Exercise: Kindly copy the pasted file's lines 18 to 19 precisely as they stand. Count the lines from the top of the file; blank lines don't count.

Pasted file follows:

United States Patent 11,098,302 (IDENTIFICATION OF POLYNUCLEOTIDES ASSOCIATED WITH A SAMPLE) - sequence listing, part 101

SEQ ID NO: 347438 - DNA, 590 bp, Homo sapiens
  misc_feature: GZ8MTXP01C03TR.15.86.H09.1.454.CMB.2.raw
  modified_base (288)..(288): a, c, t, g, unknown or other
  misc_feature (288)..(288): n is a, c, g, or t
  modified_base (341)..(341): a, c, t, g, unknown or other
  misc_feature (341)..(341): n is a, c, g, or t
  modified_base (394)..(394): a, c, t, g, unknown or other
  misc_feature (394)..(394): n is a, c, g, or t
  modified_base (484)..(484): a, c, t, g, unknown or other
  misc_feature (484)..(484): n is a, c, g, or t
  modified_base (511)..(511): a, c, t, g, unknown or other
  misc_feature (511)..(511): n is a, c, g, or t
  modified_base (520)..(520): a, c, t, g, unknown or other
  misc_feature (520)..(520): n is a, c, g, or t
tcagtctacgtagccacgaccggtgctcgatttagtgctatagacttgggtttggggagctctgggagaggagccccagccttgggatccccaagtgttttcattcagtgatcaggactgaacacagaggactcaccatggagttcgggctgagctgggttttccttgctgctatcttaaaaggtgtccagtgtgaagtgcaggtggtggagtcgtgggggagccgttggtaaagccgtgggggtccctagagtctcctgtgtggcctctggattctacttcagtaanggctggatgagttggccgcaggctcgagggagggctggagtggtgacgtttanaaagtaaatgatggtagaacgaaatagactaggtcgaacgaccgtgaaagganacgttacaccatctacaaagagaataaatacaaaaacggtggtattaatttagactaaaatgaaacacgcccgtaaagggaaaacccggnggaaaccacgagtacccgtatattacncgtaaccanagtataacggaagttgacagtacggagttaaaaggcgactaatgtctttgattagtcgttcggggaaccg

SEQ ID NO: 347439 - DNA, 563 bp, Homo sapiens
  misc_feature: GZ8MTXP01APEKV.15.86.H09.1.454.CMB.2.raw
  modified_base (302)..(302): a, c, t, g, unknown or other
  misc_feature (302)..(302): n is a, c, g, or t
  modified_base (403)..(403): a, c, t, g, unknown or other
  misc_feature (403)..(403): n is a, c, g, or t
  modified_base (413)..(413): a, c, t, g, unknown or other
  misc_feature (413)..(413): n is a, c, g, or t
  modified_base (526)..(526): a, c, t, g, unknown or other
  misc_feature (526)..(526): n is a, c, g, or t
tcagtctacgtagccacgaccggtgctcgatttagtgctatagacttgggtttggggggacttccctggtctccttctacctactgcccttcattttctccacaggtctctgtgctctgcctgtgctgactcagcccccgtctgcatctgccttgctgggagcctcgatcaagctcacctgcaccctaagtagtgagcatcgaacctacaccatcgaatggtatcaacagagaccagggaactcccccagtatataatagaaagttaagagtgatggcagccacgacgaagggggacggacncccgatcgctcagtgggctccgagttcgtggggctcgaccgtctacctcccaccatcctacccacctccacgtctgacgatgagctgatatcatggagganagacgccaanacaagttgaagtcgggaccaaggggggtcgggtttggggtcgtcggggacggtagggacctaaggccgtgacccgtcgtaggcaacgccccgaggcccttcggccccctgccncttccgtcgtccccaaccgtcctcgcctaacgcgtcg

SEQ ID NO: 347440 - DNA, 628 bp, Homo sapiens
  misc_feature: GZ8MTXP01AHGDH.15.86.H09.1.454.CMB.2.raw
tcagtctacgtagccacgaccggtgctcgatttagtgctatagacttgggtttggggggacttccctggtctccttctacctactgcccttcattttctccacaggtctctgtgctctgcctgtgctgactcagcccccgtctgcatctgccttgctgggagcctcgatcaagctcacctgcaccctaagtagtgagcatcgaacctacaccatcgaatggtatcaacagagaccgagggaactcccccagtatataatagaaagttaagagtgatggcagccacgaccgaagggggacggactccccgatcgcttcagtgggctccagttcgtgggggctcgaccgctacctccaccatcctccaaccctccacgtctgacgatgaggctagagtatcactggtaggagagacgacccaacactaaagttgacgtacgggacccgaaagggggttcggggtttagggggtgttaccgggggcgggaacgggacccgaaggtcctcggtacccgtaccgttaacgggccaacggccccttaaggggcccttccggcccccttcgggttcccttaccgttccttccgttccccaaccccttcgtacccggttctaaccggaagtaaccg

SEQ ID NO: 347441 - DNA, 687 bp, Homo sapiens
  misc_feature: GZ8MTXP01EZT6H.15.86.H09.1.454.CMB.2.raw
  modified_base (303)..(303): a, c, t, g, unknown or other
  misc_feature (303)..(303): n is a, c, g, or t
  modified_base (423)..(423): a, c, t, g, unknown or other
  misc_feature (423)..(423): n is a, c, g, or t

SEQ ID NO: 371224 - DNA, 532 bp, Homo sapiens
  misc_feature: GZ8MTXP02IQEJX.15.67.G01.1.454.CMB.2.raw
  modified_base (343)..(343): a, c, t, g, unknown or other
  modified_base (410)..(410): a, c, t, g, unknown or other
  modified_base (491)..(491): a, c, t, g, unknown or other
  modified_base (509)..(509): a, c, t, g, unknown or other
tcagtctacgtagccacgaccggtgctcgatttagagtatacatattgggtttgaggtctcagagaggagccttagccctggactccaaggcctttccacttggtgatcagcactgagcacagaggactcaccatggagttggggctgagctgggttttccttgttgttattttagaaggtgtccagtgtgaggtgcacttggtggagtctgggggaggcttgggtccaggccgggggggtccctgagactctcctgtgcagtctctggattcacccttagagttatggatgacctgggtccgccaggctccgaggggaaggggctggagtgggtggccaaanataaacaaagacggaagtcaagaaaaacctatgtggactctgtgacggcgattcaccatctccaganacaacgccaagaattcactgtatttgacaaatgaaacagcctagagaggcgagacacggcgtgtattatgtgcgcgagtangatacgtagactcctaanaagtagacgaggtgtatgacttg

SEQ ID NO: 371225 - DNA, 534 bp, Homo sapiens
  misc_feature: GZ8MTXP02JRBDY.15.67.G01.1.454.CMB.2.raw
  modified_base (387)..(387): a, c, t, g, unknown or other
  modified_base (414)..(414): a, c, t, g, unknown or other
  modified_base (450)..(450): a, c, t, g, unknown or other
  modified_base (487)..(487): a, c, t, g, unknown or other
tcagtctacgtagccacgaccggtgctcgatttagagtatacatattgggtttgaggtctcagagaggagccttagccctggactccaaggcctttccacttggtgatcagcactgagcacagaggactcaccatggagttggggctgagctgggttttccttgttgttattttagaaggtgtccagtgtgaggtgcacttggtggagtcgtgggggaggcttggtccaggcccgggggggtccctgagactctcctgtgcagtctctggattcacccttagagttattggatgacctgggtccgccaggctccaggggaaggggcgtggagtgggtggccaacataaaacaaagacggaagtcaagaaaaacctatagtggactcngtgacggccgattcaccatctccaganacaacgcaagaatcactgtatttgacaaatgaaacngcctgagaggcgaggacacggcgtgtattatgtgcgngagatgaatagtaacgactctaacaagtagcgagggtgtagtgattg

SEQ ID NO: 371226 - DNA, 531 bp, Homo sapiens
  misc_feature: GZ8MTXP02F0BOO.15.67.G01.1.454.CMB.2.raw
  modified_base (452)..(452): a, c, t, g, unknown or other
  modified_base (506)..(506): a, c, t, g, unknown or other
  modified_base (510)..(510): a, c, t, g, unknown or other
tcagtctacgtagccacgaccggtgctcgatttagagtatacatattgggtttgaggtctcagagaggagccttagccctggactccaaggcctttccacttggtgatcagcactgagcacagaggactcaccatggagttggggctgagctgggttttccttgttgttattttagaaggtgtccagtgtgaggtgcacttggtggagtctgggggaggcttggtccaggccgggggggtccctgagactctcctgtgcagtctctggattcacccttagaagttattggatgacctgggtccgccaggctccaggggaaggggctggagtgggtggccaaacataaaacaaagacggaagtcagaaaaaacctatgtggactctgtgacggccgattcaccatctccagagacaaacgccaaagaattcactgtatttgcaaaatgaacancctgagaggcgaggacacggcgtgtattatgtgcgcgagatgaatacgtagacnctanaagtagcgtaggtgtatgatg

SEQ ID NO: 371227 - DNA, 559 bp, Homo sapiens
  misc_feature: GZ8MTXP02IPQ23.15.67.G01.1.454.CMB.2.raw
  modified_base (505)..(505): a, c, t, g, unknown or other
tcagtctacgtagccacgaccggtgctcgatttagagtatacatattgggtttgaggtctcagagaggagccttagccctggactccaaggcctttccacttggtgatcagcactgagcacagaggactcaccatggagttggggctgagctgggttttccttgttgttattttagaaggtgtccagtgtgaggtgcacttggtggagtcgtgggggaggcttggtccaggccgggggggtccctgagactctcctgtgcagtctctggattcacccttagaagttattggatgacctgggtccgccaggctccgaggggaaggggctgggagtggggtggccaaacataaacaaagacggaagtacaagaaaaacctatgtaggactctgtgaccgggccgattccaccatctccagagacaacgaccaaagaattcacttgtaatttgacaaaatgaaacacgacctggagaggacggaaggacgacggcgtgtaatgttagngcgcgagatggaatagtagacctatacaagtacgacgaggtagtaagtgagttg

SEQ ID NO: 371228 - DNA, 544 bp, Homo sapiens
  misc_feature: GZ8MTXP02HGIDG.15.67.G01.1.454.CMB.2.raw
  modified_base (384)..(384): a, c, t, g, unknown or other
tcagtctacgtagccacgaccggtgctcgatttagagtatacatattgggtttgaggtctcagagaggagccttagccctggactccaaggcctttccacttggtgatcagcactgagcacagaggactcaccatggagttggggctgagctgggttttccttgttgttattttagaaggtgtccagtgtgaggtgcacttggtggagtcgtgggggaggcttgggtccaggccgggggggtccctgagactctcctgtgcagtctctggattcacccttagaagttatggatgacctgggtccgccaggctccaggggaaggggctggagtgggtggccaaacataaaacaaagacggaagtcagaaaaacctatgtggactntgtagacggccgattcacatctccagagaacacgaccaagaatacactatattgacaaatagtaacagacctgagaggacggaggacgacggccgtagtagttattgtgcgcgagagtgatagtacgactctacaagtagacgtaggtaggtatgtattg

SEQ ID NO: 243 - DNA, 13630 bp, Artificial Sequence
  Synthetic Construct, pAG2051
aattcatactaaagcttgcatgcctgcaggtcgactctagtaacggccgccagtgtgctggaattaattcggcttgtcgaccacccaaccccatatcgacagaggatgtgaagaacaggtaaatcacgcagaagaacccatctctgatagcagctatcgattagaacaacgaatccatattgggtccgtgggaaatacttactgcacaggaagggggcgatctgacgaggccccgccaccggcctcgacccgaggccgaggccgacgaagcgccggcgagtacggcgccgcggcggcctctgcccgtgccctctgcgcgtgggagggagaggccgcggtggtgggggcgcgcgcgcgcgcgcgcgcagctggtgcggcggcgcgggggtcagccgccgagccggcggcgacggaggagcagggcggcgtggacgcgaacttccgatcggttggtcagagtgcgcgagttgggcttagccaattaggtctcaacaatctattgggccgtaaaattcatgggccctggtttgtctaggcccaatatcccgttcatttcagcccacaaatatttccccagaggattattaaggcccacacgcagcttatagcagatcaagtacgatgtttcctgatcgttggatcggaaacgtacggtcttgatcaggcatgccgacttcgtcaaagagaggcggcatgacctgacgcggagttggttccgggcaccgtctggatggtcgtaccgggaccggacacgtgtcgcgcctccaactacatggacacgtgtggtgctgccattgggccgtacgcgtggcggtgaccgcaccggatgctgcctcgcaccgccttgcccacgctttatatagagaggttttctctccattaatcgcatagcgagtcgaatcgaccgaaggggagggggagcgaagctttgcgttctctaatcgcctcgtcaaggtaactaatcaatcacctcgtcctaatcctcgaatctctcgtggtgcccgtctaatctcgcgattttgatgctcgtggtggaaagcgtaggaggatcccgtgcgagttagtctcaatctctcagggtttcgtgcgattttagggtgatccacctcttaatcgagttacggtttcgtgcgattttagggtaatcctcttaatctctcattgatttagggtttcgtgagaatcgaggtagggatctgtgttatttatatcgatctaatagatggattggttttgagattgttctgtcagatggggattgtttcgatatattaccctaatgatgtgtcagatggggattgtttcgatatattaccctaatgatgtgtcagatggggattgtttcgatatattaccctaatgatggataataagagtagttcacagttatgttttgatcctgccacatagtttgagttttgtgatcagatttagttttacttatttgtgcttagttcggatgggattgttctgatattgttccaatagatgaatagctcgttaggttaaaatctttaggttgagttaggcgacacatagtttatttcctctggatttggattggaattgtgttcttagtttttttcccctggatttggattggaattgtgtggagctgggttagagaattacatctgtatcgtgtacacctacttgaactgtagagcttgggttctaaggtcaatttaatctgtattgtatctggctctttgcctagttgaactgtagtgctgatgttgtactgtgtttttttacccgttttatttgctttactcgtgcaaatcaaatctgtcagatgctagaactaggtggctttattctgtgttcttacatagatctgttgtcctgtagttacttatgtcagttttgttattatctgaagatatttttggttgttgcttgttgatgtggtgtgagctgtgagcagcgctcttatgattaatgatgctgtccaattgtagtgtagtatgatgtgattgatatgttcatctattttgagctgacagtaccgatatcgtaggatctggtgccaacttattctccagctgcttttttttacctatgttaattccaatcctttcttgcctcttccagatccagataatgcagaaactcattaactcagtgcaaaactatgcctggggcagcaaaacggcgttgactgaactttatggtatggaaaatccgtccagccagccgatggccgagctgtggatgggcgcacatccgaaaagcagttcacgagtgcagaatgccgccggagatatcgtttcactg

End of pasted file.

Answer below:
  misc_feature: GZ8MTXP01APEKV.15.86.H09.1.454.CMB.2.raw
  modified_base (302)..(302): a, c, t, g, unknown or other